Though DOT has installed dozens of successful, community-backed plazas across the city, reporter Danielle Furfaro leads her story with typical narrow-minded complaints and baseless predictions. Furfaro says the plaza will take parking in an area where “every space is prime real estate,” implying that the space in question belongs to motorists and no one else. An employee of an area business — one of the two critics cited in the piece — even claims that the plaza will cause crashes.
Thing is, Furfaro or her editors lay bare the fallacy of their own narrative with this paragraph:
The city has reclaimed street space for a handful of pedestrian plazas in Brooklyn in the past couple of years, including Albee Square in downtown, Fowler Square in Fort Greene and Pearl Street in DUMBO. Some of those plazas, such as Fowler Square, brought the ire of drivers who complained that the pedestrian area would make driving a nightmare. Now, people who frequent the west end of Broadway are making the same predictions.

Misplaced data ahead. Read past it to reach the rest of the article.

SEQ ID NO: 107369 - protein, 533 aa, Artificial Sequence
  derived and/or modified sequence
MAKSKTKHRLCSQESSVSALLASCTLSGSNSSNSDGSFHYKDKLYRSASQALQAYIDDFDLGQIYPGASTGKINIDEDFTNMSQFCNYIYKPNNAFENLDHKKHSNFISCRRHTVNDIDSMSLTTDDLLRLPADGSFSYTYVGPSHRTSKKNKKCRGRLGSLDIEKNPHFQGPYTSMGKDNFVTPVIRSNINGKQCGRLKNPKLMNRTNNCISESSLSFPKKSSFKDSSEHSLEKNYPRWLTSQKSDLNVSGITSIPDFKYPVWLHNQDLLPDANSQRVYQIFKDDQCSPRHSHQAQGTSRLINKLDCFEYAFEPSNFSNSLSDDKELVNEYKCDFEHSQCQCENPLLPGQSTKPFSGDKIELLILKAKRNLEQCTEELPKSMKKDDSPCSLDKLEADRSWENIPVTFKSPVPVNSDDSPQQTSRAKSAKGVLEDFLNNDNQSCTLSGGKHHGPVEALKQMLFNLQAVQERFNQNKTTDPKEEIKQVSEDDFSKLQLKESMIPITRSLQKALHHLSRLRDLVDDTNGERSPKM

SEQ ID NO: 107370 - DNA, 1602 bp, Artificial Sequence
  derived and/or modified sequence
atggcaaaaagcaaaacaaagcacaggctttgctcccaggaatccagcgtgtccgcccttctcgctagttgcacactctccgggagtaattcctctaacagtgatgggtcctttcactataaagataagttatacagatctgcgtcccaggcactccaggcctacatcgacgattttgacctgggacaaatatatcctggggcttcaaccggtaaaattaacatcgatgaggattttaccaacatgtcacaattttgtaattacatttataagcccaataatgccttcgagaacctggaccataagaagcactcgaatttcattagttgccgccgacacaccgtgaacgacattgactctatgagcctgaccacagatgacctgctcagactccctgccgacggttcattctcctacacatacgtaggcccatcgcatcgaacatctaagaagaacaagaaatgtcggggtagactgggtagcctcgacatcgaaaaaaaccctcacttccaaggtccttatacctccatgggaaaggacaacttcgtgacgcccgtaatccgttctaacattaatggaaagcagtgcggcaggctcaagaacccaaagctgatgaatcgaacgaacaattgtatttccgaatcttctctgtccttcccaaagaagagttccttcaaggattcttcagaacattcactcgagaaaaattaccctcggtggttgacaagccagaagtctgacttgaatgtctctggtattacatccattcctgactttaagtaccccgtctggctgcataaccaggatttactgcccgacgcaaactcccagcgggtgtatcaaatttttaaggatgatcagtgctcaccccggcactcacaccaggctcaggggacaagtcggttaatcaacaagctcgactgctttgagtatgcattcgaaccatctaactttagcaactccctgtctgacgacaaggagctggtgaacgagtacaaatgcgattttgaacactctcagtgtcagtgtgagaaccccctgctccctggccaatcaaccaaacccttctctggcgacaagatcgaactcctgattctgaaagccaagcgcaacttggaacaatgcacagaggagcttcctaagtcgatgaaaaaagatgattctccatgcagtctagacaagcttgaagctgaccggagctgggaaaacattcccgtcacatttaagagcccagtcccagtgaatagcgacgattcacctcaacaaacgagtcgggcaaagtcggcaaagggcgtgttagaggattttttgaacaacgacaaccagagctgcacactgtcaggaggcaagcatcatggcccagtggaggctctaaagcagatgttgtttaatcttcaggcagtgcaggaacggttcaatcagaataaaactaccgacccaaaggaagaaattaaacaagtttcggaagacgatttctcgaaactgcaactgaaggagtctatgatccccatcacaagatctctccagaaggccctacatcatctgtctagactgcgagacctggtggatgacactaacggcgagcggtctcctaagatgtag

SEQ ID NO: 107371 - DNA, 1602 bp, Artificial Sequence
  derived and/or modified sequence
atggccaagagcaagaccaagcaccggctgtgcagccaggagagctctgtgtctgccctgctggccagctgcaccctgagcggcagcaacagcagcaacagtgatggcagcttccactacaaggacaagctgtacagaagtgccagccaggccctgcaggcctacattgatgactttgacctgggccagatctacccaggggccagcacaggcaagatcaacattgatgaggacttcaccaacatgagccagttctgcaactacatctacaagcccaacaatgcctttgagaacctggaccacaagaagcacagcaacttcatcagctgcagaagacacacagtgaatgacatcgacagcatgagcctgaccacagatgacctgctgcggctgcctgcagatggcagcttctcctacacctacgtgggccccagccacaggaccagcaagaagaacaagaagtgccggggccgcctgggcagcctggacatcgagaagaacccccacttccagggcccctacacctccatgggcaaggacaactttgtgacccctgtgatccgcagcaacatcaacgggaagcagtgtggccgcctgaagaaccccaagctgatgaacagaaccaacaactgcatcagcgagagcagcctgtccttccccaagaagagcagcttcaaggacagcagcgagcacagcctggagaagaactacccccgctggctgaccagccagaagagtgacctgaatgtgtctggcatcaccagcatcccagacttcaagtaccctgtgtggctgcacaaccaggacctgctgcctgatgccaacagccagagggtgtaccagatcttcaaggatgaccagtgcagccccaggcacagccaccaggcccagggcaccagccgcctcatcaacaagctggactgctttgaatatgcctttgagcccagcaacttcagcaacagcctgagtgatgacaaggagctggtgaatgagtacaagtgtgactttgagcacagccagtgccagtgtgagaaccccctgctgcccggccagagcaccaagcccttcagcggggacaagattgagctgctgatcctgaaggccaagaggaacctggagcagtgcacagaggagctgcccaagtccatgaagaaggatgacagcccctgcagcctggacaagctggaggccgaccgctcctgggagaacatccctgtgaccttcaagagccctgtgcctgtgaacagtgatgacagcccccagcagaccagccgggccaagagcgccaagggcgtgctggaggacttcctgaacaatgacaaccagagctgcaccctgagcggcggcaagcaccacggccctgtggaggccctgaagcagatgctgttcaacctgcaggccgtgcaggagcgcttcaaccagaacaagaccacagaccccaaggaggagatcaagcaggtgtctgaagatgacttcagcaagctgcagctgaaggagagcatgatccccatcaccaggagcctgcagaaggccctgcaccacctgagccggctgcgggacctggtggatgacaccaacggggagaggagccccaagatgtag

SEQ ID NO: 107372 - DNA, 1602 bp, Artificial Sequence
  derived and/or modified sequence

The article doesn’t challenge those predictions, or report whether the other plazas have, heaven forfend, made “driving a nightmare.” The Brooklyn Paper is only interested in repeating the tired storyline.
To her credit, Furfaro at least hit up Juan Martinez at Transportation Alternatives for a bit of reality-based perspective. Still, how many successful plazas do the Brooklyn Paper and other media outlets have to see before they stop leading every story with NIMBY bellyaching?
NYC DOT’s plaza program hit a milestone today, when officials cut the ribbon on a block of Willoughby Street reclaimed from car traffic between Pearl and Adams Streets in Downtown Brooklyn. What used to be, essentially, a private parking lot for government placard holders, is now the first plaza program project to make the transition from temporary materials to permanent construction.
The 14,000 square-foot plaza, set in motion in 2006 with a street reclamation by Iris Weinshall’s DOT, was folded into DOT’s Plaza Program after Janette Sadik-Khan took charge of the agency. It then entered the capital project pipeline for the Department of Design and Construction, which raised the plaza to the same grade as the sidewalk and worked with DEP to replace water mains.
The project cost $2 million, paid for by federal Congestion Mitigation and Air Quality funds. Congresswoman Nydia Velázquez was on hand for today’s ribbon-cutting, along with Sadik-Khan, DDC Commissioner David Burney, Downtown Brooklyn Partnership President Tucker Reed, Jeff Kay of Muss Development, and Borough President Marty Markowitz.